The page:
While watching Tangled and The Princess and the Frog over Christmas, I was reminded of how much I flipping love Disney animation, Disney films and indeed, Disney princesses. Look at them! They're so pretty! With their huge swishy dresses and their completely unachievable hair!
Princesses are big business for Disney, but their world is a slightly odd and very carefully controlled one. For example, whenever they're pictured together, they never acknowledge each other or make eye contact. Apparently Roy Disney was against the idea of marketing the characters outside of their original stories, but went ahead with it on the condition that the princesses weren't aware of each other. So when they appear in a lineup, like the one above, they're all existing in their separate princess dimensions, like a whole bunch of parallel storybook universes all squished together.
Although a new cartoon for the Disney Channel, called Sofia the First, is set to blow a giant hole through the individual princess bubbles, as Ariel, Aurora and Cinderella are set to appear in the series. We can only hope that they arrive in a glittery pink TARDIS.
Also, Giselle from Enchanted was originally supposed to become part of the official princess marketing juggernaut, but Disney decided against it as it turned out that they were going to have to pay royalties to Amy Adams for using her likeness. And Disney don't pay for no princesses.
A lot has been said about what questionable role models the princesses can be, with the exception of Mulan, or maybe Tiana seeing as she's the first princess to run her own business, but from an entirely aesthetic point of view, they're bloody gorgeous pieces of artwork. They're beautifully drawn and instantly recognisable, and when this is the case I'm always intrigued as to where the inspiration for a character's image might have come from.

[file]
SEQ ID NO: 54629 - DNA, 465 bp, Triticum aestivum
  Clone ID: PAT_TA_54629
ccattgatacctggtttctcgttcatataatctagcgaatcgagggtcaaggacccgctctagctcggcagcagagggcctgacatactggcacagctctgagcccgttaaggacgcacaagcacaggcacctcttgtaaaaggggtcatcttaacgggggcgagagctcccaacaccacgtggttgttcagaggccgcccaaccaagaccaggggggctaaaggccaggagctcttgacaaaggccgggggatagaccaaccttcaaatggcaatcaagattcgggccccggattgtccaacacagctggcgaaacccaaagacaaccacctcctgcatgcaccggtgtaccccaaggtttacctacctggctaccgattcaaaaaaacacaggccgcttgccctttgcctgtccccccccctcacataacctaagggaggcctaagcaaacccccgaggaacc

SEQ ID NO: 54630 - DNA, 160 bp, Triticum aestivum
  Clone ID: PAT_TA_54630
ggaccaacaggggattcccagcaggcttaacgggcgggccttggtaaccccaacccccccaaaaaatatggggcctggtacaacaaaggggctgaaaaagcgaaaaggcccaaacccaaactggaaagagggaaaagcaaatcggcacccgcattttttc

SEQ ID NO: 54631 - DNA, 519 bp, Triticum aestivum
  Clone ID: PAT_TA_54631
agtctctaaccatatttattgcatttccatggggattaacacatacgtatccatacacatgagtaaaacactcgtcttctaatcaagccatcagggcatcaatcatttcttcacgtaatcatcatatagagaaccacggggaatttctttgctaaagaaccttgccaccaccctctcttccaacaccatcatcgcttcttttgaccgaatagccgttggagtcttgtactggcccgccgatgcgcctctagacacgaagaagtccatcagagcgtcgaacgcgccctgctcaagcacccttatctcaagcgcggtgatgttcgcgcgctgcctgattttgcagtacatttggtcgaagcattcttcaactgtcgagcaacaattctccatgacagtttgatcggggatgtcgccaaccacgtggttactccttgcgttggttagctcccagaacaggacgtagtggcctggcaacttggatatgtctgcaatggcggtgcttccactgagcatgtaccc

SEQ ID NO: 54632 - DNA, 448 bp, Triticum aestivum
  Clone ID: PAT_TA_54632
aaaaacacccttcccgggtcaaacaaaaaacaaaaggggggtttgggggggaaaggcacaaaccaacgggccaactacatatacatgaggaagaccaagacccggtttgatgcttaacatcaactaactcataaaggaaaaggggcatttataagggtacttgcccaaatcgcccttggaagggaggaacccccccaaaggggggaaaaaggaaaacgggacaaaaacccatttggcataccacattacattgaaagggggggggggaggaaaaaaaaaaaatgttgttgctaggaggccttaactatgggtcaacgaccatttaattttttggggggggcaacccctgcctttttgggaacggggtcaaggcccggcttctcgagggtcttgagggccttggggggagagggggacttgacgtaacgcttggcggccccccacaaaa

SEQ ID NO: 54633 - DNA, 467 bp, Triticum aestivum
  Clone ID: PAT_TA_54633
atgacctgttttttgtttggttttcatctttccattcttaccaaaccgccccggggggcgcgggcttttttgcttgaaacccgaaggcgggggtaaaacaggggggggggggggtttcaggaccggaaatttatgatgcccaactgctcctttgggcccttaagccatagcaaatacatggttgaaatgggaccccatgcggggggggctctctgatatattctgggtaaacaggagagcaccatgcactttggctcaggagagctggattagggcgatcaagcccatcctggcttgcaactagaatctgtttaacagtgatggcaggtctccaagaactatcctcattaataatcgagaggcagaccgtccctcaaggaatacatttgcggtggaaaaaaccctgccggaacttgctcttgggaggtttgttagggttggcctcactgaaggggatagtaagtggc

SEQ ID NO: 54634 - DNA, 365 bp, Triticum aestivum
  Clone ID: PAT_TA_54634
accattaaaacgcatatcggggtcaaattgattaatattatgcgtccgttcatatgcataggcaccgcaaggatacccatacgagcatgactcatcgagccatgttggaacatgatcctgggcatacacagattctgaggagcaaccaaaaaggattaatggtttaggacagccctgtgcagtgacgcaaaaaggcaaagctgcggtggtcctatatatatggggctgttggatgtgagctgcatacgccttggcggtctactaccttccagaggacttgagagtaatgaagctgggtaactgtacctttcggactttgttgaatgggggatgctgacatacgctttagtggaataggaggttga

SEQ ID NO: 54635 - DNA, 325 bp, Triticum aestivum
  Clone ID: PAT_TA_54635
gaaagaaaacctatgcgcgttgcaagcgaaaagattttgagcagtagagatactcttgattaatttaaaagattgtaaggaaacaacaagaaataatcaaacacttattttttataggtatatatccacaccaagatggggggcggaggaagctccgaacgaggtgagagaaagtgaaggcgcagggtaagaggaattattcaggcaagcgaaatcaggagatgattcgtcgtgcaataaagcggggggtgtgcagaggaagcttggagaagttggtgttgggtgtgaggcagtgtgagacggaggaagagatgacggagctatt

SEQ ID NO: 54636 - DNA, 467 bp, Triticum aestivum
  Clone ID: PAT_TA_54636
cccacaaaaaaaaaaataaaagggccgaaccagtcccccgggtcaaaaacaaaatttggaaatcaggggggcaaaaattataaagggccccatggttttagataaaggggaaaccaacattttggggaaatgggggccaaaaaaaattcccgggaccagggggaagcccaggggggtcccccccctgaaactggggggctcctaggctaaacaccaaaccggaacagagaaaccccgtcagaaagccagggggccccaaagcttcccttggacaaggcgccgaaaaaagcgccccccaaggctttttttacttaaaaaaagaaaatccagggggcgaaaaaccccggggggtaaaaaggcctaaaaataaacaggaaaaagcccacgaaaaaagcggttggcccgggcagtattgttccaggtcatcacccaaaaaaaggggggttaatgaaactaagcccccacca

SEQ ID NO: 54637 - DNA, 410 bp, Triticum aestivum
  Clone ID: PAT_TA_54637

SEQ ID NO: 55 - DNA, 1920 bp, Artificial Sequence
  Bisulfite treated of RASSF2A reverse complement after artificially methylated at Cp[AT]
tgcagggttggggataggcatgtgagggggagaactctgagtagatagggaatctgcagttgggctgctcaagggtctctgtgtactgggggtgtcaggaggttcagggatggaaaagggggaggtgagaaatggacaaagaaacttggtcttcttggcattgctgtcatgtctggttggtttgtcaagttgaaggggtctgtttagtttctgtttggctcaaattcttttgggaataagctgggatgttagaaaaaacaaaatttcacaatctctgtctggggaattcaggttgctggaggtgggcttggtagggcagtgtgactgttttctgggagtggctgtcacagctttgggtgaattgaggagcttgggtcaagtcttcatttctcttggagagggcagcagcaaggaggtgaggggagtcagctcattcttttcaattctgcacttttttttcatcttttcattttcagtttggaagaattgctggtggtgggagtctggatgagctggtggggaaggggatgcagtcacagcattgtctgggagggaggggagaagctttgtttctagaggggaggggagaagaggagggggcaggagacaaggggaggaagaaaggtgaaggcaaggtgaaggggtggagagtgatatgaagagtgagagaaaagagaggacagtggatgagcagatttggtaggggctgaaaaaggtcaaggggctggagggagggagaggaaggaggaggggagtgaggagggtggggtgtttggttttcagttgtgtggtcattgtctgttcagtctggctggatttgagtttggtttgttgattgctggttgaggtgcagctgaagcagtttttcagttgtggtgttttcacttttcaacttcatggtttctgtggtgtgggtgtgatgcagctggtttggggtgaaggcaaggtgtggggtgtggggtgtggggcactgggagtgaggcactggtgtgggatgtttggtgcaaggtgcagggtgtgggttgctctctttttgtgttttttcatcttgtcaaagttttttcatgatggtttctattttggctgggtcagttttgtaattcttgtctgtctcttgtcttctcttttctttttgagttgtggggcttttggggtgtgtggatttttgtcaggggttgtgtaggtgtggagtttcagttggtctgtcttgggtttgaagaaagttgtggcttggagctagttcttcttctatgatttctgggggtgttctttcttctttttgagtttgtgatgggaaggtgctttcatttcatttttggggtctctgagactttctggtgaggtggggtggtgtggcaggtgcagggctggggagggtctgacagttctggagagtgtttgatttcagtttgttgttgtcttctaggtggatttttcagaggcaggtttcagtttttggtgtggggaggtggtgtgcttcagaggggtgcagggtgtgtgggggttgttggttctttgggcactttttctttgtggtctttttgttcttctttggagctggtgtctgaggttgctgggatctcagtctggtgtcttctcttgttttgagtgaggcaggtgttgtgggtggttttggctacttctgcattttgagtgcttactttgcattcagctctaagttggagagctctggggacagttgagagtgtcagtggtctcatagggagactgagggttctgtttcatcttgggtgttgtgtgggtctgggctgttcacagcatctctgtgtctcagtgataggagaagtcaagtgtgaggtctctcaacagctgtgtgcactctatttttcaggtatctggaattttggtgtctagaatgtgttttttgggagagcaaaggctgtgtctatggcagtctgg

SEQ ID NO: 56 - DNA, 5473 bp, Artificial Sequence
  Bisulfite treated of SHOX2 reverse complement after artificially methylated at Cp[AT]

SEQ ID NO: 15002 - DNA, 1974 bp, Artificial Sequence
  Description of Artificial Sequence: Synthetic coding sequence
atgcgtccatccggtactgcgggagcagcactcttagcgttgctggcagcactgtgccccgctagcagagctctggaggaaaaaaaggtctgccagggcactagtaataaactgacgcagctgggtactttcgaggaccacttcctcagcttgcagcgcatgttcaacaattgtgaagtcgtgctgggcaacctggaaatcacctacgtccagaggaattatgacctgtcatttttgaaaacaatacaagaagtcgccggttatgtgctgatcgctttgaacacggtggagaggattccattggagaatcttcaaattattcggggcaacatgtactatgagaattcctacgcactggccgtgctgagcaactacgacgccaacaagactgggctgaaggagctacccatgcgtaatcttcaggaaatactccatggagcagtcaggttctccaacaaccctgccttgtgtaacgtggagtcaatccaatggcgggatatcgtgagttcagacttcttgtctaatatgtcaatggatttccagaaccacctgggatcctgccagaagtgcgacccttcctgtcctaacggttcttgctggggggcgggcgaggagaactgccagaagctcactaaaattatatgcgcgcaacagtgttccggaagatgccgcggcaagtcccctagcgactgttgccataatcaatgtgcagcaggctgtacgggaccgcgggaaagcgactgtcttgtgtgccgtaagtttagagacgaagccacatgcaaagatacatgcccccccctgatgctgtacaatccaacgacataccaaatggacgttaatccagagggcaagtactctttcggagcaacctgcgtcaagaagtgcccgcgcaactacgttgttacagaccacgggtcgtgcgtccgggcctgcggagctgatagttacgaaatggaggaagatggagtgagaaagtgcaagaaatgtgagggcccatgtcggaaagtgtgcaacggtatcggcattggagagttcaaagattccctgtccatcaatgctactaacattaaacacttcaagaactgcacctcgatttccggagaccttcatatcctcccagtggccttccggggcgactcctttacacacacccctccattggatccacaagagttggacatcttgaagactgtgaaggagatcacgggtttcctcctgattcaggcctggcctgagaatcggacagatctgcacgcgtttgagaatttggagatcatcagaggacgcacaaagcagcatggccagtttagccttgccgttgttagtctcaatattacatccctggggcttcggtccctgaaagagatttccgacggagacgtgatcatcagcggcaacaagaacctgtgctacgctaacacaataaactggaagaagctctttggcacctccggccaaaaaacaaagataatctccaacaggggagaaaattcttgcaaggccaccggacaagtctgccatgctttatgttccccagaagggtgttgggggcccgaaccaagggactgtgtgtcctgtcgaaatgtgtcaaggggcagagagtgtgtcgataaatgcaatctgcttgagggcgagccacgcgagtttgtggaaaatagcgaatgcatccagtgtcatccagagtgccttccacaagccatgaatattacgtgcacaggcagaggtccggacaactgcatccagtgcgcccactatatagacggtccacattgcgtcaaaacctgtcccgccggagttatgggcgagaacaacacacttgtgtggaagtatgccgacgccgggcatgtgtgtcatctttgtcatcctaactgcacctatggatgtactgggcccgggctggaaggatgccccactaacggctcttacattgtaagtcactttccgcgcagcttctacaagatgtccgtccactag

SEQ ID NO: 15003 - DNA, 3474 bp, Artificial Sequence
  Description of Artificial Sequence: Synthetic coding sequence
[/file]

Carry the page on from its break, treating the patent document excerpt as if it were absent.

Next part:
In Snow White's case, the lead animator for Snow White and the Seven Dwarves was Grim Natwick, who previously designed Betty Boop for Fleischer Studios. Both characters share the short black hair and high pitched voices that would have been the fashionable feminine ideals for women in the 1930s. When you compare Snow White's hair and her relatively flat chest to the other princesses, with their long tumbling locks and nicely proportioned racks, she's actually something of a flapper girl.
When the character of Ariel was being developed for The Little Mermaid in the 1980s, the animators wanted to come up with a princess that would endure, like the ones that came before her, but also wanted her to be relatable to modern girls. An actress called Sherri Stoner was used as the live action model for Ariel, while her features were based on an array of different actresses - one of which was a young Alyssa Milano - in order to get the Eighties ideal of a pretty teenager with fashionable hair right.
At the time, Ariel was the first Disney princess in almost twenty years, so the animators paid tribute to her three predecessors by taking elements of their famous dresses and mashing them together in a pink Frankengown for her.
When it came to designing the character of Belle, Disney wanted her to be European-looking (whatever that means) and based her rounded features on Audrey Hepburn. Her famous yellow dress was directly inspired by a royal gown that Audrey wore in Roman Holiday.
I love it when Disney princesses are cleverly dropped into popular culture, and one of my favourite quotes from 30 Rock is the one where the inimitable Jenna makes a previously unnoticed point about the royal ladies.
One of the best things I've seen online in quite some time is the Pocket Princesses series by the insanely talented US artist Amy Mebberson. The series of comic strips feature the princesses all living together and the various domestic spats and shenanigans that a house filled with such big and oftentimes ridiculous personalities would bring about. She manages to nail each character's traits both perfectly and hilariously and they're the most adorable squabbles this side of a row between Hello Kitty and Boo.
Mérida from Brave will be joining the official Disney Princess group later this year, and the Pocket Princesses take on her introduction to the group is just deadly. The whole series of brilliant illustrations are on Mebberson's Tumblr, which I highly recommend trawling through. Click to enlarge the images below so you can fully appreciate just how clever and gorgeously drawn they are.
And finally, last year Lindsay Lohan hosted an episode of SNL which gave us the amazing Real Housewives of Disney sketch. Kristen Wiig's drunk-as-fuck Cinderella is a thing of beauty and the bitchy Prince Charming very nearly steals the show entirely.
Gold stars all round.